Metro Weekly

Louisville council votes to ban conversion therapy on minors

Louisville becomes second city in Kentucky to prevent licensed therapists who engage in the practice from receiving taxpayer dollars

Louisville City Hall – Photo: Bedford, via Wikimedia.

The Louisville Metro Council has voted to ban the practice of conversion therapy designed to change youths’ sexual orientation or gender identity.

On Thursday, the council voted 24-1 to prevent any public funds from going toward any entity, organization, or individual that subjects anyone under 18 to attempts to change their LGBTQ identity. The bill was unanimously approved last week by a council committee.

The vote makes Louisville the second city in Kentucky to have banned the practice. The city of Covington, just across the river from Cincinnati, Ohio, was the first to do so earlier this year. 

Thus far, 20 states have passed similar bans, as have several dozen cities throughout the United States. A bipartisan group of lawmakers in Frankfort filed a bill seeking to ban the practice statewide, but the bill was never granted a hearing. However, 24 former “ex-gay” leaders expressed support for the bill in a recently published op-ed, saying they know firsthand that the therapy does not do what it purports to, and poses potential harm to those subjected to conversion therapy — often at their parent or guardian’s behest.

Conversion therapy has been condemned by nearly all major mainstream health and mental health organizations, who have said the practice is not based in science and does not deliver on its promised outcome — a full change in one’s sexual orientation or feelings of gender dysphoria.

Research has found that conversion therapy more than doubles the risk of suicidal ideation among gay and bisexual adults, while transgender people subjected to conversion therapy as children are four times more likely to attempt suicide.

As a result, the United Nations recently urged a global ban on the practice, labelling it “cruel, inhuman, or degrading treatment’ and saying it “may amount to torture depending on the circumstances.”

See also: 24 former “ex-gay” leaders support bill to ban conversion therapy statewide in Kentucky

According to the Courier-Journal, in comments to the Metro Council prior to the vote, State Rep. Lisa Willner (D-Louisville) said, “It is impossible to imagine any other practice associated with such high rates of suicide and other dangers that would still be allowed.”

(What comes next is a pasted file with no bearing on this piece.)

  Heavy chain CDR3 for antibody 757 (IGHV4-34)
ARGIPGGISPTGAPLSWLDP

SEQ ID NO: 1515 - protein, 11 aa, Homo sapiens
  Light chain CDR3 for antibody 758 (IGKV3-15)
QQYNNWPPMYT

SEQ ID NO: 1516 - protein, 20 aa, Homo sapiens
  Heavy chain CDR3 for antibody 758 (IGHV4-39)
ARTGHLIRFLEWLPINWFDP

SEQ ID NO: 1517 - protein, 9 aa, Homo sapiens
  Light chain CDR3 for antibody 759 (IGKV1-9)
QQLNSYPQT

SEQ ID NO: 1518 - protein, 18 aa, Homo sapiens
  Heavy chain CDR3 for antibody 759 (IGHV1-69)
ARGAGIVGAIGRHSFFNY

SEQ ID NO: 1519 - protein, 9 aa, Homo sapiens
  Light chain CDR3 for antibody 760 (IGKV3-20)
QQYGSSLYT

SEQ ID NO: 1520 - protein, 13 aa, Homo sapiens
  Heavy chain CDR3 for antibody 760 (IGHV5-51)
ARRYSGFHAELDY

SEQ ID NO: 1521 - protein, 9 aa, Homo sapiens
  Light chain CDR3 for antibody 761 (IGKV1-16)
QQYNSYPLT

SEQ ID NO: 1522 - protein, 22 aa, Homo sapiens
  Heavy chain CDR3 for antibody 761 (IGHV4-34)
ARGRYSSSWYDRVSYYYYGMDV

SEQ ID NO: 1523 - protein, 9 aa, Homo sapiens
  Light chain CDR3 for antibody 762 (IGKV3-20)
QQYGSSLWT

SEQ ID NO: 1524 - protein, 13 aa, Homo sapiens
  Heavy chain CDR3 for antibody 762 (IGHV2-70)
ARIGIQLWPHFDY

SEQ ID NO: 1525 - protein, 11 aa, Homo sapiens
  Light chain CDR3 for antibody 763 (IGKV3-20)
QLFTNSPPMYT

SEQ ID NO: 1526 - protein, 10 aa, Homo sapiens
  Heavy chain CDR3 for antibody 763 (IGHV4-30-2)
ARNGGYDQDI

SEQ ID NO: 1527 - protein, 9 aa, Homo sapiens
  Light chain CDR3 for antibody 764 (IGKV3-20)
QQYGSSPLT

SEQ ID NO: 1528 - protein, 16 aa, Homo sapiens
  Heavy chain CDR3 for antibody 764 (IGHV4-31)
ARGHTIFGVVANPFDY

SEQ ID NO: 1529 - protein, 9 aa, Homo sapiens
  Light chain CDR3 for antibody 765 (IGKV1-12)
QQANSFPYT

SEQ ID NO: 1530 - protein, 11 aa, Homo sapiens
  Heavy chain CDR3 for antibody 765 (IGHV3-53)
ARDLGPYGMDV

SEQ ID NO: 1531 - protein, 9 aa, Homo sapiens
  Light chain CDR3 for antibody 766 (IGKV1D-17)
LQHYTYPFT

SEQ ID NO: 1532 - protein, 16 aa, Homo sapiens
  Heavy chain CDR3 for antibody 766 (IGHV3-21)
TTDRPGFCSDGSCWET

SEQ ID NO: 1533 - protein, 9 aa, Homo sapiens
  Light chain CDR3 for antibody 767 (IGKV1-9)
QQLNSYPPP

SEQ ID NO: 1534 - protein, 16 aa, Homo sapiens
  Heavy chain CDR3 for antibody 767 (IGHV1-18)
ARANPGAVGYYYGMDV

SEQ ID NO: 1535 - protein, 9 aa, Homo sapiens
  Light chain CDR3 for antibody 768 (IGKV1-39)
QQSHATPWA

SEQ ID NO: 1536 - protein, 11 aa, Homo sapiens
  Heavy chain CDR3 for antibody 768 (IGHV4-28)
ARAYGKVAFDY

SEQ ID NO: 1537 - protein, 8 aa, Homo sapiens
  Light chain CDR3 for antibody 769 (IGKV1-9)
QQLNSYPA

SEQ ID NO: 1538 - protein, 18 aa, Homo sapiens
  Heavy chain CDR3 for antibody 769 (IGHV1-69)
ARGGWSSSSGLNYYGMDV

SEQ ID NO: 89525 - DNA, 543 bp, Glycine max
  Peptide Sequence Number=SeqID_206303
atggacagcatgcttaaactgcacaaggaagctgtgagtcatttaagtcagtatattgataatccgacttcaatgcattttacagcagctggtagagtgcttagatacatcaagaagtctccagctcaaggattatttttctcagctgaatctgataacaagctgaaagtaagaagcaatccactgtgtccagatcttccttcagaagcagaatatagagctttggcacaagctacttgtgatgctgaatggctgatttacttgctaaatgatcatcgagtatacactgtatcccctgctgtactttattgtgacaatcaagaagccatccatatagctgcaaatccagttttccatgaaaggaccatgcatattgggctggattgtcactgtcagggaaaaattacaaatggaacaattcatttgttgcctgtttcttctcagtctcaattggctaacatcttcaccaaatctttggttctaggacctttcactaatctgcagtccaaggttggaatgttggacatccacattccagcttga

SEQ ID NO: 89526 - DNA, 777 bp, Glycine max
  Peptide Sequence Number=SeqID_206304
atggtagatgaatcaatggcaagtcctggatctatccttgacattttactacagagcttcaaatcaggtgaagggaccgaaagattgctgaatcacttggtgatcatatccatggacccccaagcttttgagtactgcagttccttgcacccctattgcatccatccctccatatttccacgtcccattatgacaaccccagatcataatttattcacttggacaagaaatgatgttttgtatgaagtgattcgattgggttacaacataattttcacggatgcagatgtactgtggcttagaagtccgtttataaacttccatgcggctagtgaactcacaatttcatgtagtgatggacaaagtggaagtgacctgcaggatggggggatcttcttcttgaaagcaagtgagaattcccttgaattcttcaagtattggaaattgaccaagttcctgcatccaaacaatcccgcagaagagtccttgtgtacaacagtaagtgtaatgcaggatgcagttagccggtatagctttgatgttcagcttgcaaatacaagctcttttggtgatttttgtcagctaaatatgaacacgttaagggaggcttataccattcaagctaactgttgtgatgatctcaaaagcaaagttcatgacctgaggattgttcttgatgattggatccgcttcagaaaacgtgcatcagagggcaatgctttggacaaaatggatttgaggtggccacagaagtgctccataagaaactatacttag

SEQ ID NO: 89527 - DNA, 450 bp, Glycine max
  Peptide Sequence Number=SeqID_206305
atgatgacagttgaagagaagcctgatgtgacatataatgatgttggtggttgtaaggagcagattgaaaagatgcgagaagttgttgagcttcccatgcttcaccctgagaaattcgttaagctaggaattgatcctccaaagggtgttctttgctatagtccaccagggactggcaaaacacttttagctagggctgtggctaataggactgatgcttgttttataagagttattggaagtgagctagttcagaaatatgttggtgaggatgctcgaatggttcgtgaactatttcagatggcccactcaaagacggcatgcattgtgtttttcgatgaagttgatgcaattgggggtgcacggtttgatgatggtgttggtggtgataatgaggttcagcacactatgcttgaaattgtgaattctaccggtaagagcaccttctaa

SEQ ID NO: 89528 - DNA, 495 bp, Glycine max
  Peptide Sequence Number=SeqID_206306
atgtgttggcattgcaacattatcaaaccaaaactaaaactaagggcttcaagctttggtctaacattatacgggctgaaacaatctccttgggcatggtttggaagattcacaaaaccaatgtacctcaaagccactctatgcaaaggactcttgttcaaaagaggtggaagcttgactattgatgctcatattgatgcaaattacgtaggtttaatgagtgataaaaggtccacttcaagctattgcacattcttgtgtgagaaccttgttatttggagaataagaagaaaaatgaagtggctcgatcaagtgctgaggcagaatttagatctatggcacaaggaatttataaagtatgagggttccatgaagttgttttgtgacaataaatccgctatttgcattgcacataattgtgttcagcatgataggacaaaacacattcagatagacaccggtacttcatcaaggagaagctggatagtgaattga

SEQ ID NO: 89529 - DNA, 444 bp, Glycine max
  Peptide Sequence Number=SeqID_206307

The Trevor Project, an LGBTQ organization that tries to combat suicidal ideation, and provide support for LGBTQ youth, praised the passage of the legislation.

“The Trevor Project is thrilled to see the largest city in Kentucky take action to protect LGBTQ youth from the dangers of conversion therapy,” Troy Stevenson, the advocacy campaign manager for The Trevor Project, said in a statement. “Based on our research, this discredited practice is strongly associated with greater rates of attempting suicide. This is a great victory for the LGBTQ youth of Louisville, and hopefully, it will encourage the passage of state-wide protections for all young people in the Bluegrass State.”

Read more:

Christians threaten to hang gay people ‘in a loving way’ in leaked WhatsApp chats

Lesbian North Dakota alderwoman defends decision to fly Pride flag in Minot

Maryland man who pleaded guilty to killing transgender woman gets 35 years in prison

Support Metro Weekly’s Journalism

These are challenging times for news organizations. And yet it’s crucial we stay active and provide vital resources and information to both our local readers and the world. So won’t you please take a moment and consider supporting Metro Weekly with a membership? For as little as $5 a month, you can help ensure Metro Weekly magazine and MetroWeekly.com remain free, viable resources as we provide the best, most diverse, culturally-resonant LGBTQ coverage in both the D.C. region and around the world. Memberships come with exclusive perks and discounts, your own personal digital delivery of each week’s magazine (and an archive), access to our Member's Lounge when it launches this fall, and exclusive members-only items like Metro Weekly Membership Mugs and Tote Bags! Check out all our membership levels here and please join us today!

John Riley is the local news reporter for Metro Weekly. He can be reached at jriley@metroweekly.com

Leave a Comment:

Support Metro Weekly's

LGBTQ Journalism

For as Little as $1.15 a Week

Like What You're Reading?

Get Metro Weekly's Daily Email